|Heather Wood and Alejandro Simoes in Shaw's "Misalliance." (Kippy Goldfarb/Carolle Photography)|
At the Publick, a witty poke at hypocrisy
"Talk, talk, talk!" exclaims the exasperated young Hypatia, who's the fiercest combatant on one side of the parent-child war in George Bernard Shaw's "Misalliance." And talk everyone does -- cleverly, amusingly, extensively, exhaustively -- throughout the Publick Theatre production's slender two hours. The play is a natural for the company, which continues this year to move beyond Shakespeare and explore the other possibilities of its slogan, "demonstrating the power of the spoken word."
Shaw knew that power, for sure; he also knew that the spoken word could knock you out, sometimes undermining his own efforts to illuminate audiences by punching out their lights with a relentless volley of speech. So one of the delights of this play is its many slyly self-deprecating references to its own garrulity, which become even funnier when, as with Hypatia, they arrive in the form of verbose complaints about everyone's verbosity.
But what, you wonder, do they talk about? The usual Shavian smorgasbord: capitalism, imperialism, feminism, socialism, even Shaw's pet topic, vegetarianism. (Can a vegetarian keep a pet? Or, for that matter, serve a smorgasbord? Oh, dear, the giddy garrulity is infectious.)
Anyway. It's all here, and more besides, notably a plane crash in the greenhouse, a fistfight or two, and an unstable young intruder in the Turkish bath. Oh, and a Polish acrobat.
But at the heart of it all is Shaw's mischievous fascination with social hypocrisy, and particularly with the way parents preach morality to their children in blithe disregard of their own less than moral practices. Hypatia's father, John Tarleton of Tarleton's Underwear, presents a respectable bourgeois facade and wants his daughter to do the same. But he's had countless affairs, and he's also told his daughter to think for herself and speak her mind. It's only a matter of time before the clash between respectability and reason explodes with a bang, around the same time that airplane lands with a crash.
Though the Publick has wisely pruned some of the more overgrown speeches, there are still moments when the characters seem less like people than like megaphones for Shaw's ideas. But when the ideas are expressed as entertainingly as this, it's hard to mind too much. And Diego Arciniegas directs his strong cast with focus and drive; the longer the speech, the faster he races us through it, so we never quite have time to grow restless.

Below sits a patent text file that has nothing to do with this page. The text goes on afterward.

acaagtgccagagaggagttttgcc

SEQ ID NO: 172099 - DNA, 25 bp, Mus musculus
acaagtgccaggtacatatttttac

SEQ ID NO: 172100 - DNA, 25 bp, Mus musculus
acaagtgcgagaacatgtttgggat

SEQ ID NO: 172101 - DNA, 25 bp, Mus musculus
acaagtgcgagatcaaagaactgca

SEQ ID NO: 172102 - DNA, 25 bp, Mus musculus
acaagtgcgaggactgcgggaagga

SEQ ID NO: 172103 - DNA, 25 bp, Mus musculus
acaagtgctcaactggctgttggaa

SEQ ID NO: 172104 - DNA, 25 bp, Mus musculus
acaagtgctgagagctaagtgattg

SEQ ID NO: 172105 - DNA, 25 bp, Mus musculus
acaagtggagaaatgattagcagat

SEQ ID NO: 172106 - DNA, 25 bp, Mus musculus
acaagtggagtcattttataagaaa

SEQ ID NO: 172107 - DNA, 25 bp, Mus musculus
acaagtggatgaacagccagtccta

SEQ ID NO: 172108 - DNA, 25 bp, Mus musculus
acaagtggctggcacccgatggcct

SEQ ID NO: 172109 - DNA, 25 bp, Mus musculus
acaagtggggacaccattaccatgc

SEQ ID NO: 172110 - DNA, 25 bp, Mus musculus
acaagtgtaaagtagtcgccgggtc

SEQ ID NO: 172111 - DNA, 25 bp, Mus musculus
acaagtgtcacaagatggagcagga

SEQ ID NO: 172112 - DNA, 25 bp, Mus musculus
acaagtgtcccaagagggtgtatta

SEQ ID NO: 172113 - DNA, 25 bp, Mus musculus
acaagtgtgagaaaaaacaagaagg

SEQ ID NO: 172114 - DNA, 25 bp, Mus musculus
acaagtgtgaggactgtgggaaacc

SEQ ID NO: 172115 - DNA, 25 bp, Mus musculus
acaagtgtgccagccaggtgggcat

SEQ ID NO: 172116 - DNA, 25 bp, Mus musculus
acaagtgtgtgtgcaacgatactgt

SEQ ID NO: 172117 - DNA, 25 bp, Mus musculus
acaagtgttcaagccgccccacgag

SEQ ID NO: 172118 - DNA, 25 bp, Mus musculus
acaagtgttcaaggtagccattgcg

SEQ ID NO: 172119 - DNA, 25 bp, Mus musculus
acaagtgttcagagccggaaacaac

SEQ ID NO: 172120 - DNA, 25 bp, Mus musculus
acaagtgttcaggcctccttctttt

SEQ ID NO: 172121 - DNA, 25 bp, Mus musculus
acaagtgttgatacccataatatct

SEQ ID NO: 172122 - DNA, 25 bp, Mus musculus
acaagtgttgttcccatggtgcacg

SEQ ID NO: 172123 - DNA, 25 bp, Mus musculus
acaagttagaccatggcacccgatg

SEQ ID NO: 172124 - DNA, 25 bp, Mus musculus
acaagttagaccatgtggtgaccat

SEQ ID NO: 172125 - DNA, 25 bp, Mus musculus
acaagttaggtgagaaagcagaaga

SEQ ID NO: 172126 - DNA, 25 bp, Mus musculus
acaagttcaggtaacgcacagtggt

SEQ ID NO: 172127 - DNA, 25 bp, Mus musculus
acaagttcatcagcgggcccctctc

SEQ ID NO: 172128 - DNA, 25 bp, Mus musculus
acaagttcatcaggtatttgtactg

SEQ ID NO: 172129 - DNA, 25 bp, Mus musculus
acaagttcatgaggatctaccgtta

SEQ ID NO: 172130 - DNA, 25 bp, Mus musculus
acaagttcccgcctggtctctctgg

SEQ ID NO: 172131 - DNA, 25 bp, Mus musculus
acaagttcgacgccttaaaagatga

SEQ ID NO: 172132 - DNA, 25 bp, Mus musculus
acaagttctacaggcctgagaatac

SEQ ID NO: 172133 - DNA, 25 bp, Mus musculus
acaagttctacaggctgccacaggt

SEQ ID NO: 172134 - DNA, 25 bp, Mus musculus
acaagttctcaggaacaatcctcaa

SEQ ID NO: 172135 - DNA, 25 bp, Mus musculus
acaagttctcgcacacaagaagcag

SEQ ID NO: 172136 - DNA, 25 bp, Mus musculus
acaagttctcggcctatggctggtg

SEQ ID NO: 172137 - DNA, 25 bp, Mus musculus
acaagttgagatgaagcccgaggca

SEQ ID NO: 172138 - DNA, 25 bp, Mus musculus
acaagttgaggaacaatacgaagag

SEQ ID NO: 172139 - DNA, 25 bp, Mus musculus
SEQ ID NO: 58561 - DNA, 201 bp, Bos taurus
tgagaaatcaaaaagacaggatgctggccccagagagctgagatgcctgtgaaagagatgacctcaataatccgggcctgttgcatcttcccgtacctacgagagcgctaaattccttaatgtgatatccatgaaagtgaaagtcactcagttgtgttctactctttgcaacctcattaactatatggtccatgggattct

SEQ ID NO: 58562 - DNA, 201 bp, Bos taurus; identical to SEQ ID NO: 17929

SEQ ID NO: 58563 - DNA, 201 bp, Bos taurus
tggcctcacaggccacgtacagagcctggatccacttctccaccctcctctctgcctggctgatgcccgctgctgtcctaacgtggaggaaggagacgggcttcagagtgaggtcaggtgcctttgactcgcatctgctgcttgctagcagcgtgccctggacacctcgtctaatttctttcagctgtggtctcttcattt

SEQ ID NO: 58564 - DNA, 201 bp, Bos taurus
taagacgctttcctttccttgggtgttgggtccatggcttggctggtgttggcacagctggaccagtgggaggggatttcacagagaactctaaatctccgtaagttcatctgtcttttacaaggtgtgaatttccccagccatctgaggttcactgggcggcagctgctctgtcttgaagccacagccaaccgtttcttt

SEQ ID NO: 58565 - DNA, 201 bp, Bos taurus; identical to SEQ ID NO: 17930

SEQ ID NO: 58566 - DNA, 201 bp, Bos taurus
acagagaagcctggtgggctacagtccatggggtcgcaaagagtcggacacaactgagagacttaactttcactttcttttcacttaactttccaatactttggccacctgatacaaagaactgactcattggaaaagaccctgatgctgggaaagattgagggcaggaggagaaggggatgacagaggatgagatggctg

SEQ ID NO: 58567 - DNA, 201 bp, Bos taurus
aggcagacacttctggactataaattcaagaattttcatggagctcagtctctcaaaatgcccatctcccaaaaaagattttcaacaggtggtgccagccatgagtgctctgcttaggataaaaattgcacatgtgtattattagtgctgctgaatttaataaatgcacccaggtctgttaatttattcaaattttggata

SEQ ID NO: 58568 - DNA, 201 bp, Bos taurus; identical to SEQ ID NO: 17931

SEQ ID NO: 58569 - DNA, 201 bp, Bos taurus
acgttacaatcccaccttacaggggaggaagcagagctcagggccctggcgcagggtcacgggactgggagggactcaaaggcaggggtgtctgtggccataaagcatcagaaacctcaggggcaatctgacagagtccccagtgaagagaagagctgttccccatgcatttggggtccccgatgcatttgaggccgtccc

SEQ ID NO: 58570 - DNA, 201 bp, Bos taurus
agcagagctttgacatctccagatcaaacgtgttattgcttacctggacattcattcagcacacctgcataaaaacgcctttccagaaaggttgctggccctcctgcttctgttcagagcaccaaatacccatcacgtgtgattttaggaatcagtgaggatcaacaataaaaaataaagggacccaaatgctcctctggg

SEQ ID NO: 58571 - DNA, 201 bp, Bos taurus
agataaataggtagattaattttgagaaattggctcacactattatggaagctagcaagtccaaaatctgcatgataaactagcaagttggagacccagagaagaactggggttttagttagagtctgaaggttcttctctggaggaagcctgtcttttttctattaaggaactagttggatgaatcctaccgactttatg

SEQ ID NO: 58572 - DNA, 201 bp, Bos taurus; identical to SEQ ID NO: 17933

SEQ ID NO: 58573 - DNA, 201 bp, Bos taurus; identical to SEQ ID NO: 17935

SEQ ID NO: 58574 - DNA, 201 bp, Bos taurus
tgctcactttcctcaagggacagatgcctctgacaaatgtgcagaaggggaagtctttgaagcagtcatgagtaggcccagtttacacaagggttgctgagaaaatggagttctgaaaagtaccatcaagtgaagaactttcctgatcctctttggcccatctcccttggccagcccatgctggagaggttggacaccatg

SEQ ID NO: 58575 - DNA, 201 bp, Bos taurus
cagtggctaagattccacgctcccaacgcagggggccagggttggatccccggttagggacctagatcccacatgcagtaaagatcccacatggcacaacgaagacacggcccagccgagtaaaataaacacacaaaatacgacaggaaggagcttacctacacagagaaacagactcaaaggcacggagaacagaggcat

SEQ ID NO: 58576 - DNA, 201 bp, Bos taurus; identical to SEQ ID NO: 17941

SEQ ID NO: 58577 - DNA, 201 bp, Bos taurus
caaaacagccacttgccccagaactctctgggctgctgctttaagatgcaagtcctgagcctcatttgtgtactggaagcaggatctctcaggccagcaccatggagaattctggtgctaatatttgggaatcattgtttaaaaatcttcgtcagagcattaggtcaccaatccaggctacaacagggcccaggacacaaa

On Wednesday's opening night, the threatening clouds restrained themselves, but gusts of wind sometimes blasted annoyingly through the sound system's speakers. Even without that handicap, the stage seems to have some odd acoustical dead spots; in particular, Adam Soule, otherwise amusing as Hypatia's chuckleheaded brother, seemed to drift in and out of earshot as he walked around Janie Howland's airy, wicker-filled (though oddly Southwestern) set.
Heather Wood makes Hypatia a picture of frustrated energy, bursting to escape the strictures of young-ladyhood. As Bentley, her rabbity, quivering upper-class twit of a suitor, Stephen Libby is hilariously effete; even the comic accent affected by Alejandro Simoes as his friend Joey Percival doesn't conceal the likely outcome of any romantic rivalry between the two. And Gabriel Kuttner is drolly bitter as the interloper, whose role is better seen than described.
As for the older generation, Owen Doyle strikes a nice balance between vitality and absurdity as the senior Mr. Tarleton, and M. Lynda Robinson gives his wife an appropriate warmth, genuineness, and earthy good humor. Steven Barkhimer, meanwhile, delivers Lord Summerhays's epigrams with a full appreciation of their rhythm and wit.
That leaves only the acrobat, Lina Szczepanowska, adroitly played by Debera Ann Lund. She gets full support from an outrageous pair of purple boots, which are rivaled in Rachel Padula-Shufelt's costume design only by Bentley's ridiculous plus-fours.
"Were we very dull?" Lord Summerhays asks apologetically, when Hypatia pauses for breath in a rant against the endless talk of her elders.
"Not at all: you were very clever," she replies. "That's what's so hard to bear, because it makes it so difficult to avoid listening."
By the end of the night, for better and worse, you'll know exactly what she means.
Louise Kennedy can be reached at email@example.com.